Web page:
While there is a wide variety of wildlife to be seen when outdoors and kayaking in Tampa Bay, among the favorites of tourists and locals alike are Bottlenose dolphins. These mammals are frequently seen swimming, jumping, and hunting while on tours and never fail to make visitors smile.
What makes Tampa Bay’s population of dolphins unique is their charismatic nature and identifying markers. At about 8 feet long and grey in color, their back markings and different dorsal fins are how researchers tell local dolphin populations from more transient visitors. Some dolphins spend their entire lives in our local waters, while others just make Tampa Bay a pit-stop on their way towards other parts of the world. These resident animals have been studied since the 90’s by professors and students at the local Eckerd College. These animals have been studied through direct observations, photographs, and through underwater acoustic recording devices.
Dolphins live in groups called pods, which are composed primarily of females and juveniles with a few young males. These mammals can swim at speeds exceeding 18 miles per hour, using their strong fluke, or tail, and can frequently be seen jumping and playing in the shallow waters of the Shell Key Preserve.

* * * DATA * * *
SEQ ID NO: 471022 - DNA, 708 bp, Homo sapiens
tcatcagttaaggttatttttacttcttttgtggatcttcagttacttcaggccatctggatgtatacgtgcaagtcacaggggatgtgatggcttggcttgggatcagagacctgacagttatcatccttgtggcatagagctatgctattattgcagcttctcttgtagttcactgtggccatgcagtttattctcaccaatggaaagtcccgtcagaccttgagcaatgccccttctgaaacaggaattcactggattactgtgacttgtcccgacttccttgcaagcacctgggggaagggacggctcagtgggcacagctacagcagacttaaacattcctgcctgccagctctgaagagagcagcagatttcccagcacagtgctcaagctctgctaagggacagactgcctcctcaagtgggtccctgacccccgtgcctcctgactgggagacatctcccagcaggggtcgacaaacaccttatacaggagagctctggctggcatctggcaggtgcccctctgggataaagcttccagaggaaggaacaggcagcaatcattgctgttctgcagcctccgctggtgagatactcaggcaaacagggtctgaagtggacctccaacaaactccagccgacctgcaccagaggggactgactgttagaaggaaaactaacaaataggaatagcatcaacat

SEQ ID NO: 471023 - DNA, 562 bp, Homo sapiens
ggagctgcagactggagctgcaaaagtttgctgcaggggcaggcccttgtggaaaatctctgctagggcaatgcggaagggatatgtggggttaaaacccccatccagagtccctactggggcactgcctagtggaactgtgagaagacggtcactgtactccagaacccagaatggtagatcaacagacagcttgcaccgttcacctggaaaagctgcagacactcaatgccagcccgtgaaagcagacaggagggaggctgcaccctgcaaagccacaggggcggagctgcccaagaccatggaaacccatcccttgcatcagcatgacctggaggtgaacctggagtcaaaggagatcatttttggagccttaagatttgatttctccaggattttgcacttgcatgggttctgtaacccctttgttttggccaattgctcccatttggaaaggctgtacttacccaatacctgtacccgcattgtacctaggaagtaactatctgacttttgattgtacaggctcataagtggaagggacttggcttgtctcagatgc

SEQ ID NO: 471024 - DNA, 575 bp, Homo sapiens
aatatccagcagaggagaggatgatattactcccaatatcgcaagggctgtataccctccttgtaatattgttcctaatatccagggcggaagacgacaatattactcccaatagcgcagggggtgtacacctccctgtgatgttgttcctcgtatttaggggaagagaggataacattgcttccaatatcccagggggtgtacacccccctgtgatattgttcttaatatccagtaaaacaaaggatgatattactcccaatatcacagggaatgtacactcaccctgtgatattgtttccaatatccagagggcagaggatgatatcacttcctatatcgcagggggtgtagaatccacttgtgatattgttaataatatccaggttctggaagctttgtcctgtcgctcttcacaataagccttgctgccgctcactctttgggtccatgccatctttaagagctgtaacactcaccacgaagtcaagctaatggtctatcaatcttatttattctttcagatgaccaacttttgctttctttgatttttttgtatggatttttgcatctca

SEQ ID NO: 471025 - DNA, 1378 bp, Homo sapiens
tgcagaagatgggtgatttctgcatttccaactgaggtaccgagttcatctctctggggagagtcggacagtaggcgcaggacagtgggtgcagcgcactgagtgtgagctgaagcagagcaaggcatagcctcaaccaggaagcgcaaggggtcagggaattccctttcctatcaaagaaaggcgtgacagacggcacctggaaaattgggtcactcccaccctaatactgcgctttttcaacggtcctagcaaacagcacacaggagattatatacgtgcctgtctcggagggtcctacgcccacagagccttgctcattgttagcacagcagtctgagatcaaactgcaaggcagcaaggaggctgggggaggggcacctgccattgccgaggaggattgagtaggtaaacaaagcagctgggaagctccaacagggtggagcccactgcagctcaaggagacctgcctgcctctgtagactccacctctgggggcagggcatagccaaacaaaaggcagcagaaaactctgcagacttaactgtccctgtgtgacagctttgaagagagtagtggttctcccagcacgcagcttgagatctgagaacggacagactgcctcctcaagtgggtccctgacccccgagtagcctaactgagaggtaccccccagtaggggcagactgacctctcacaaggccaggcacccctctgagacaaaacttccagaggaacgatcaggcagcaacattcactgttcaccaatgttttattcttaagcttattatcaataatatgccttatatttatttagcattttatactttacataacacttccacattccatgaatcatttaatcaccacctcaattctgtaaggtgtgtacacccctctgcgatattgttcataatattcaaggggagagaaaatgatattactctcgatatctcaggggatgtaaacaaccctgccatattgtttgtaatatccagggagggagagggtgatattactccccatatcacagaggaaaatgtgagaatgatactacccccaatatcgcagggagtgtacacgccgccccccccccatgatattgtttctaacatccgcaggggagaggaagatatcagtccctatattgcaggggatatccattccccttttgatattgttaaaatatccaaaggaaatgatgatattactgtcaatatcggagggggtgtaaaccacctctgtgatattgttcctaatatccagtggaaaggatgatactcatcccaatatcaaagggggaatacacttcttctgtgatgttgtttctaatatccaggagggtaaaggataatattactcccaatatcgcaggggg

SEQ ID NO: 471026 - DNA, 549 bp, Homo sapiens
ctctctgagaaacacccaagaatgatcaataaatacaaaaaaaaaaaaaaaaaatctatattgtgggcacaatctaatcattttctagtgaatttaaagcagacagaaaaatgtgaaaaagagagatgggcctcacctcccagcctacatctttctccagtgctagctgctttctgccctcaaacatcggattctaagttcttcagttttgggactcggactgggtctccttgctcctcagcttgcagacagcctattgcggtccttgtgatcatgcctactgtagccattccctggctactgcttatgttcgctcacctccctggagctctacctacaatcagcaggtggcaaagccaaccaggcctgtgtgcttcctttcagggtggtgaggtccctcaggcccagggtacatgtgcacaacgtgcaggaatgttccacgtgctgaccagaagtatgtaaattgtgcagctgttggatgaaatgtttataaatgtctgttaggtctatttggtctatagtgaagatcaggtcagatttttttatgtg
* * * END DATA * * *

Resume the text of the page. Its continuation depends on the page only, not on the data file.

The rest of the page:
Dolphins are unique in how they communicate with one another. They utilize echolocation through thousands of clicks per minute and also squeak to communicate. This echolocation helps track down and locate food sources, like bottom dwelling fish, invertebrates, and even squid. This echolocation is also used for swimming and playing and is used for naming. Each dolphin has a unique name given to them by their pod, composed of different clicks and squeaks. Many dolphins will dive down to deep depths, with the deepest known dive reaching 990 feet down. These deeper depths host a variety of food for these animals, but since they are air-breathing mammals, they’re required to surface every few minutes for a fresh breath of air.
Though shallow Tampa Bay offers feeding grounds and opportunities to follow fishing boats for food scraps, this area also poses a number of challenges to these animals. Boaters who ignore regulations and posted speed limits accidentally hurt these animals as they speed past, causing lacerations and injuries to the backs of dolphins. These marks, while helpful for identification, scar over and pose serious health risks while they heal. Further risks to dolphins include swimming with and feeding dolphins, and Florida State Law prohibits these behaviors to protect these native animals.
On tours through Shell Key Preserve, we encourage guests to watch these beautiful animals at a distance. A few weeks ago, we were lucky enough to see two dolphins splash out of the water playing with one another, and we hope you’ll be lucky to see one on your own tour with us.